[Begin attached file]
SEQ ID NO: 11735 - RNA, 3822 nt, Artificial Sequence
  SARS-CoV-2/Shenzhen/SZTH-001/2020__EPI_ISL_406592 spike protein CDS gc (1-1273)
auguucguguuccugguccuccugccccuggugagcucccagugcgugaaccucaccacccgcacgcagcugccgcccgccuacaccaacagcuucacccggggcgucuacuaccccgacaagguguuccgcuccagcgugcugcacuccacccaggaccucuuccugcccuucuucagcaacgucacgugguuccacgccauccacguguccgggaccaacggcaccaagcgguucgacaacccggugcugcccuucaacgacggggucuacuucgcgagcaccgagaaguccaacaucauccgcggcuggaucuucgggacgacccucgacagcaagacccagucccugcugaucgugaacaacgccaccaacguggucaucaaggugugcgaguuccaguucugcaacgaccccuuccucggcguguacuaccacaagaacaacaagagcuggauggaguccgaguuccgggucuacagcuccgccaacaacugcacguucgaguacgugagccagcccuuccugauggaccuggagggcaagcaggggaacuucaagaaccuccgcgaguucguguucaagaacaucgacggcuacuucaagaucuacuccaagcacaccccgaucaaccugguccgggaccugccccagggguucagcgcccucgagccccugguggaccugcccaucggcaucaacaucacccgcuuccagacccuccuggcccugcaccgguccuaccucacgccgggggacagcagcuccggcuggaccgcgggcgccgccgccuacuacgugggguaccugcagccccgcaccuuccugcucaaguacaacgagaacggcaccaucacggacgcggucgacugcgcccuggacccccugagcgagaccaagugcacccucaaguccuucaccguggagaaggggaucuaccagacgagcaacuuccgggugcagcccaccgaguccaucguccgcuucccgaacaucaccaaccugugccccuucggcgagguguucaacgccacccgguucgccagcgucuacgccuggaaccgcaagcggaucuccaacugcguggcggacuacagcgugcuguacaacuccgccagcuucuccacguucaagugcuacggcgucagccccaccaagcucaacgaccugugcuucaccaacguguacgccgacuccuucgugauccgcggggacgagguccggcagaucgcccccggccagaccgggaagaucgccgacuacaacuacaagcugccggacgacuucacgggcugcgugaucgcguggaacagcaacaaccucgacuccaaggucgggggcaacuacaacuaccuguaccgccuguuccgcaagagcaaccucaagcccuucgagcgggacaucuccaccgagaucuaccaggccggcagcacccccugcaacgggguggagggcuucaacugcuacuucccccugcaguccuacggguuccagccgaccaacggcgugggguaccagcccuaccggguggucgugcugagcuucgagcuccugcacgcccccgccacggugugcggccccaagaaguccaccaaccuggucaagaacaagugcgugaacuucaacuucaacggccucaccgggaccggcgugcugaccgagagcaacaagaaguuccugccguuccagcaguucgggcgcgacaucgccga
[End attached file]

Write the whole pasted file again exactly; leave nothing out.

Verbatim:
SEQ ID NO: 11735 - RNA, 3822 nt, Artificial Sequence
  SARS-CoV-2/Shenzhen/SZTH-001/2020__EPI_ISL_406592 spike protein CDS gc (1-1273)
auguucguguuccugguccuccugccccuggugagcucccagugcgugaaccucaccacccgcacgcagcugccgcccgccuacaccaacagcuucacccggggcgucuacuaccccgacaagguguuccgcuccagcgugcugcacuccacccaggaccucuuccugcccuucuucagcaacgucacgugguuccacgccauccacguguccgggaccaacggcaccaagcgguucgacaacccggugcugcccuucaacgacggggucuacuucgcgagcaccgagaaguccaacaucauccgcggcuggaucuucgggacgacccucgacagcaagacccagucccugcugaucgugaacaacgccaccaacguggucaucaaggugugcgaguuccaguucugcaacgaccccuuccucggcguguacuaccacaagaacaacaagagcuggauggaguccgaguuccgggucuacagcuccgccaacaacugcacguucgaguacgugagccagcccuuccugauggaccuggagggcaagcaggggaacuucaagaaccuccgcgaguucguguucaagaacaucgacggcuacuucaagaucuacuccaagcacaccccgaucaaccugguccgggaccugccccagggguucagcgcccucgagccccugguggaccugcccaucggcaucaacaucacccgcuuccagacccuccuggcccugcaccgguccuaccucacgccgggggacagcagcuccggcuggaccgcgggcgccgccgccuacuacgugggguaccugcagccccgcaccuuccugcucaaguacaacgagaacggcaccaucacggacgcggucgacugcgcccuggacccccugagcgagaccaagugcacccucaaguccuucaccguggagaaggggaucuaccagacgagcaacuuccgggugcagcccaccgaguccaucguccgcuucccgaacaucaccaaccugugccccuucggcgagguguucaacgccacccgguucgccagcgucuacgccuggaaccgcaagcggaucuccaacugcguggcggacuacagcgugcuguacaacuccgccagcuucuccacguucaagugcuacggcgucagccccaccaagcucaacgaccugugcuucaccaacguguacgccgacuccuucgugauccgcggggacgagguccggcagaucgcccccggccagaccgggaagaucgccgacuacaacuacaagcugccggacgacuucacgggcugcgugaucgcguggaacagcaacaaccucgacuccaaggucgggggcaacuacaacuaccuguaccgccuguuccgcaagagcaaccucaagcccuucgagcgggacaucuccaccgagaucuaccaggccggcagcacccccugcaacgggguggagggcuucaacugcuacuucccccugcaguccuacggguuccagccgaccaacggcgugggguaccagcccuaccggguggucgugcugagcuucgagcuccugcacgcccccgccacggugugcggccccaagaaguccaccaaccuggucaagaacaagugcgugaacuucaacuucaacggccucaccgggaccggcgugcugaccgagagcaacaagaaguuccugccguuccagcaguucgggcgcgacaucgccga